This project followed from the initial work carried out by the
Outback Livelihoods project in the Tropical Savannas CRC during
2006–07 (see Outback Livelihoods).
It also built upon research published out of Charles Darwin
University (Luckert et al 2007), which pointed to a wide range of
options for Aboriginal employment in natural resource management,
as well as other work indicating divergent (and not all pleasant)
scenarios for northern development (Garnett et al 2008).
In the latter instance, it is clear that the economic choices
made in northern Australia in the near future (the few years after
2009) will have direct implications for the development trajectory
our region takes over the next few decades.
In early 2006, Professor Rolf Gerritsen outlined a theory of a
multiplex economy for northern Australia (Gerritsen
His argument was that only this form of economy would bring
equitable, efficient and sustainable economic and social
development to northern Australia.
The model is consistent with quadruple bottom line (economic,
social, environmental and cultural) notions of development now
conventional in development studies.
It recognizes that current prescriptions for Aboriginal
development are unlikely to reverse their communities’
This multiplex economy comprises three sectors. However, unlike
in the orthodox models of the northern economy, there is an
implicit assumption that the three sectors not only could but
should overlap and interact if the inequity and inefficient
economic and social development characteristic of the current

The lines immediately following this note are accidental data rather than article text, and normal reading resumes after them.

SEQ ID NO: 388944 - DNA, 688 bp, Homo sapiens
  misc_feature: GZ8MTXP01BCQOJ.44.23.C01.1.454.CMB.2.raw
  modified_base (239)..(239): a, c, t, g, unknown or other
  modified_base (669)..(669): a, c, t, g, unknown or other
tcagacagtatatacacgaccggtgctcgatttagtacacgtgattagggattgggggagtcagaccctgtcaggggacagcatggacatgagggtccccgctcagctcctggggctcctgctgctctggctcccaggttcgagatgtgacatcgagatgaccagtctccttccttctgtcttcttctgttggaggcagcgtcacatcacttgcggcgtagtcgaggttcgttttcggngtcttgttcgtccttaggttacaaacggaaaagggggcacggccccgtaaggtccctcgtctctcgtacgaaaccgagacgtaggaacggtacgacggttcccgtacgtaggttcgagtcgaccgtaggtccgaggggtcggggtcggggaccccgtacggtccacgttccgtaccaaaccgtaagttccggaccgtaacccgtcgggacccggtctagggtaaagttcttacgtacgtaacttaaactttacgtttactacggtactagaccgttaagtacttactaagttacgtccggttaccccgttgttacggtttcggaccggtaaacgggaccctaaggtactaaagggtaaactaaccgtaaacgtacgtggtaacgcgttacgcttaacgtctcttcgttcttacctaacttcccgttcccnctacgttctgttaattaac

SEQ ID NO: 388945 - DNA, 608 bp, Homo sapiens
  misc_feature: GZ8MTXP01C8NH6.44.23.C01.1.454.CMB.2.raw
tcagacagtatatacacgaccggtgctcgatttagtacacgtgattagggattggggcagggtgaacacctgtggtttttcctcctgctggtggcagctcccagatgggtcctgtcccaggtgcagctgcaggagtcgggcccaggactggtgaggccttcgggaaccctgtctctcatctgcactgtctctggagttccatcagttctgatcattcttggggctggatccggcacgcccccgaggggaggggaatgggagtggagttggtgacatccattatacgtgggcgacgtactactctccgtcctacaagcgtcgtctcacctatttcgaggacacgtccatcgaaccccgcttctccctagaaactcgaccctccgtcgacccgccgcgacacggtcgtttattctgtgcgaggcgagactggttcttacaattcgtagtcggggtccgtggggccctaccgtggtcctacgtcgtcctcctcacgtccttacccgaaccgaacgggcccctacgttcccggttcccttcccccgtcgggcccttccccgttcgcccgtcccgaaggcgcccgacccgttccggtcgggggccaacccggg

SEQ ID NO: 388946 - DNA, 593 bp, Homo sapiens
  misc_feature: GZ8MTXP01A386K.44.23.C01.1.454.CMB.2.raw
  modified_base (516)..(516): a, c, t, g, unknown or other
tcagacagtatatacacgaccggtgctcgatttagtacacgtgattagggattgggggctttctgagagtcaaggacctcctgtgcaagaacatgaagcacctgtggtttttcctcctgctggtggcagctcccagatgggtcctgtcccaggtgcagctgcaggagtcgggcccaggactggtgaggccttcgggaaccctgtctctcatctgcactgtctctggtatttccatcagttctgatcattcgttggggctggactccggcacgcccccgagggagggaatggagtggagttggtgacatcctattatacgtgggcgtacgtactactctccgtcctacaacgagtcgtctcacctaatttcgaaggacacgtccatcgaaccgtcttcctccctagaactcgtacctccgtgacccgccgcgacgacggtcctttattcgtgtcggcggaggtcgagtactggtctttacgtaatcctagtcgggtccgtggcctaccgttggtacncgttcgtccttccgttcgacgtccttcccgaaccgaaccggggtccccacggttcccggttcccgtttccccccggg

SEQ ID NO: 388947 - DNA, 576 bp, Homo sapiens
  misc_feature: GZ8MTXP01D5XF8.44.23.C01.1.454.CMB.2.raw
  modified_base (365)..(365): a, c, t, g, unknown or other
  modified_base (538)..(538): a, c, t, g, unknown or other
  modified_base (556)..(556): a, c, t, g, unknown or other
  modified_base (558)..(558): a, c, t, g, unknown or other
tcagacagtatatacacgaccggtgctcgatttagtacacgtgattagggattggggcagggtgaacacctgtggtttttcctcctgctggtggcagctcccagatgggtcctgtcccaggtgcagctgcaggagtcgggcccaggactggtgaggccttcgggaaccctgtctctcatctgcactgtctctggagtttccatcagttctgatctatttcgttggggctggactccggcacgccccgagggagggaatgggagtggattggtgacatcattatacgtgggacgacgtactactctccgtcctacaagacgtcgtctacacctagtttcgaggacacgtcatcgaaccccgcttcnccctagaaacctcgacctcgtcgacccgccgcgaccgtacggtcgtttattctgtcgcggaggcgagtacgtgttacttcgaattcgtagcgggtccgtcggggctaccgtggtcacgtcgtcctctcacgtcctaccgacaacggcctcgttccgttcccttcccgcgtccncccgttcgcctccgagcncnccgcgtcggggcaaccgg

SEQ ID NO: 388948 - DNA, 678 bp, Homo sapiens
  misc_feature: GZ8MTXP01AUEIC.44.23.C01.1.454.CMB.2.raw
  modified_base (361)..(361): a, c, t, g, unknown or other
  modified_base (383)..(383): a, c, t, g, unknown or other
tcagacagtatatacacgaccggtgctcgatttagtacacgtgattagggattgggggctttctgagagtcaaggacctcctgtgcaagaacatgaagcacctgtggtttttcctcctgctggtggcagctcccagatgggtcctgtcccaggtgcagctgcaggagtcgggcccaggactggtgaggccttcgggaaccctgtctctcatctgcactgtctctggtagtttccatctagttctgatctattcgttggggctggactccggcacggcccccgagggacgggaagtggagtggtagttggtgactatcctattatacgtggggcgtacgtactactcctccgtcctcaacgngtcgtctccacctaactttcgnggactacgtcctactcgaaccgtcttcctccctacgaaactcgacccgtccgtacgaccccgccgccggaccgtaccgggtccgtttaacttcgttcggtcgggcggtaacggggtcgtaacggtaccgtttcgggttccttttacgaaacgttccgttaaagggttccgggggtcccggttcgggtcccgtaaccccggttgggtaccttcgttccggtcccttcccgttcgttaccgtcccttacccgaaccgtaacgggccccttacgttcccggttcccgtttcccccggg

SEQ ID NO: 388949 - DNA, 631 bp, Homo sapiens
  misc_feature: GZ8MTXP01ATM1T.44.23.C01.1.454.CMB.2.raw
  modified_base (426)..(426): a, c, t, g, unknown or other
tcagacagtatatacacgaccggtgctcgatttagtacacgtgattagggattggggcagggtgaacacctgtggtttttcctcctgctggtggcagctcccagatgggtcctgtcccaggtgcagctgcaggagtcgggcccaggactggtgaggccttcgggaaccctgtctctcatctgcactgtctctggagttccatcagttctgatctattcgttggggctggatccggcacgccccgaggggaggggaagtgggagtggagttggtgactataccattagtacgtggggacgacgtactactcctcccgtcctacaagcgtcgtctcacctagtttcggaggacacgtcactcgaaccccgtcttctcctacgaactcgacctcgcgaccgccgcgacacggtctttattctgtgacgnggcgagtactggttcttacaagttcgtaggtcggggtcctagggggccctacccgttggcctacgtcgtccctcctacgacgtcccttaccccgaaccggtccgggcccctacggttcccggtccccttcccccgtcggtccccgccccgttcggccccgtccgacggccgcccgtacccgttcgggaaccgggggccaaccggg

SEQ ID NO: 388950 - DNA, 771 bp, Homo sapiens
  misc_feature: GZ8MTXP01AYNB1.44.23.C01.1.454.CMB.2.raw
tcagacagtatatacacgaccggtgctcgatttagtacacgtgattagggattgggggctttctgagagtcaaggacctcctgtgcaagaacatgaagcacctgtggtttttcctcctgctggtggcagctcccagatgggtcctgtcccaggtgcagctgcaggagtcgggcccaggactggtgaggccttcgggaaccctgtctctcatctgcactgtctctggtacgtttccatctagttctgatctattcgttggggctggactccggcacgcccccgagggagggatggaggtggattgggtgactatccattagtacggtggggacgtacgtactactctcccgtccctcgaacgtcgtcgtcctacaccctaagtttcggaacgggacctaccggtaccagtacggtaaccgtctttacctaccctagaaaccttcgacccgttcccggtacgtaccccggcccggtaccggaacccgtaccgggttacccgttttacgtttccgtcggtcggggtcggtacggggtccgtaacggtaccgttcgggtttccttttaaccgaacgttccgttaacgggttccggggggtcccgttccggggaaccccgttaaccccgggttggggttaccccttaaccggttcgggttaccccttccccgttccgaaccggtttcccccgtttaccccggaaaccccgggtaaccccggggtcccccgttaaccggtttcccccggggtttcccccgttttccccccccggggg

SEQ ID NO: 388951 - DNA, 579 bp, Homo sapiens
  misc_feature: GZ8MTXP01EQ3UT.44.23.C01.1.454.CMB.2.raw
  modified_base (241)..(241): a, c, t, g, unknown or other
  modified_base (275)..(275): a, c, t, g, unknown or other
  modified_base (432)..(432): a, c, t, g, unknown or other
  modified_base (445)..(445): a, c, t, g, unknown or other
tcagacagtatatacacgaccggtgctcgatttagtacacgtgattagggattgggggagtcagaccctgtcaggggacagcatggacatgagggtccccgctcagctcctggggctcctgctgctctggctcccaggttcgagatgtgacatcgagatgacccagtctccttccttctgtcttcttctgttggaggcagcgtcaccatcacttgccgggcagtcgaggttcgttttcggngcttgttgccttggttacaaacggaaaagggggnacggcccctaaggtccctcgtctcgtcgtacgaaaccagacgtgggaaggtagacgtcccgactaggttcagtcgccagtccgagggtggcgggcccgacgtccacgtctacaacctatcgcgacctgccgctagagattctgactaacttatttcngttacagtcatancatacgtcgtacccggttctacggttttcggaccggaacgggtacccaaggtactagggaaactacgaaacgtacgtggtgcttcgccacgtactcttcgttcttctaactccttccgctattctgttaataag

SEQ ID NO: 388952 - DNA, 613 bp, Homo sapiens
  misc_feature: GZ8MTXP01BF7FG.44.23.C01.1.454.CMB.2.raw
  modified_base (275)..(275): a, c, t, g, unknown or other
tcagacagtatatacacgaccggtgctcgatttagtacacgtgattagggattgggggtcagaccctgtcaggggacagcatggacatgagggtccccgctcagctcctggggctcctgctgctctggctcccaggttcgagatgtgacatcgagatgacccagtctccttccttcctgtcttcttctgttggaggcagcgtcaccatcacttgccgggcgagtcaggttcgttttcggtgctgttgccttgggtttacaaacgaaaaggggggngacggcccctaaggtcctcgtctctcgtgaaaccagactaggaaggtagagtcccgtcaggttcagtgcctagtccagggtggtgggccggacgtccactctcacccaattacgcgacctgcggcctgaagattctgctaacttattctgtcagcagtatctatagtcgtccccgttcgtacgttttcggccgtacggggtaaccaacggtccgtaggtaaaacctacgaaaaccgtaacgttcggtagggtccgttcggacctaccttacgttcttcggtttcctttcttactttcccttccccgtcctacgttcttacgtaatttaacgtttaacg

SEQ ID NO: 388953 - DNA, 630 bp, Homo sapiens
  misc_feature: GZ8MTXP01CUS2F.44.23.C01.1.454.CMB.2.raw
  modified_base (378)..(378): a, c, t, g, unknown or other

situation is to be redressed. The project essentially attempts to
develop the parameters that are required for overlap that to be
The three sectors are:
- The private sector. This sector operates in the
conventional micro-economic paradigm. In northern Australia it is
dominated by the export competitive sub-sector, mining, oil and
gas, cattle and (to a degree tourism). It has a secondary, demand
dependent, services sector, which provides the point of economic
intersection with the other sectors of the economy.
- The public sector. This sector provides both regulatory
and fiscal incentives for particular behaviours. It also supplies a
significant proportion of the income that enters Aboriginal
communities (through transfers and program grants). Public
employees dominate the market for consumer goods in many places in
- The Indigenous sector. This sector is currently mostly
dependent upon transfers from the Federal government. The work here
will build upon Altman’s hybrid economy model.
To produce a set of policy prescriptions that would address
inefficiencies in the operation of the Northern Australian
To produce/publish material that will contribute to Northern
Australian development debates.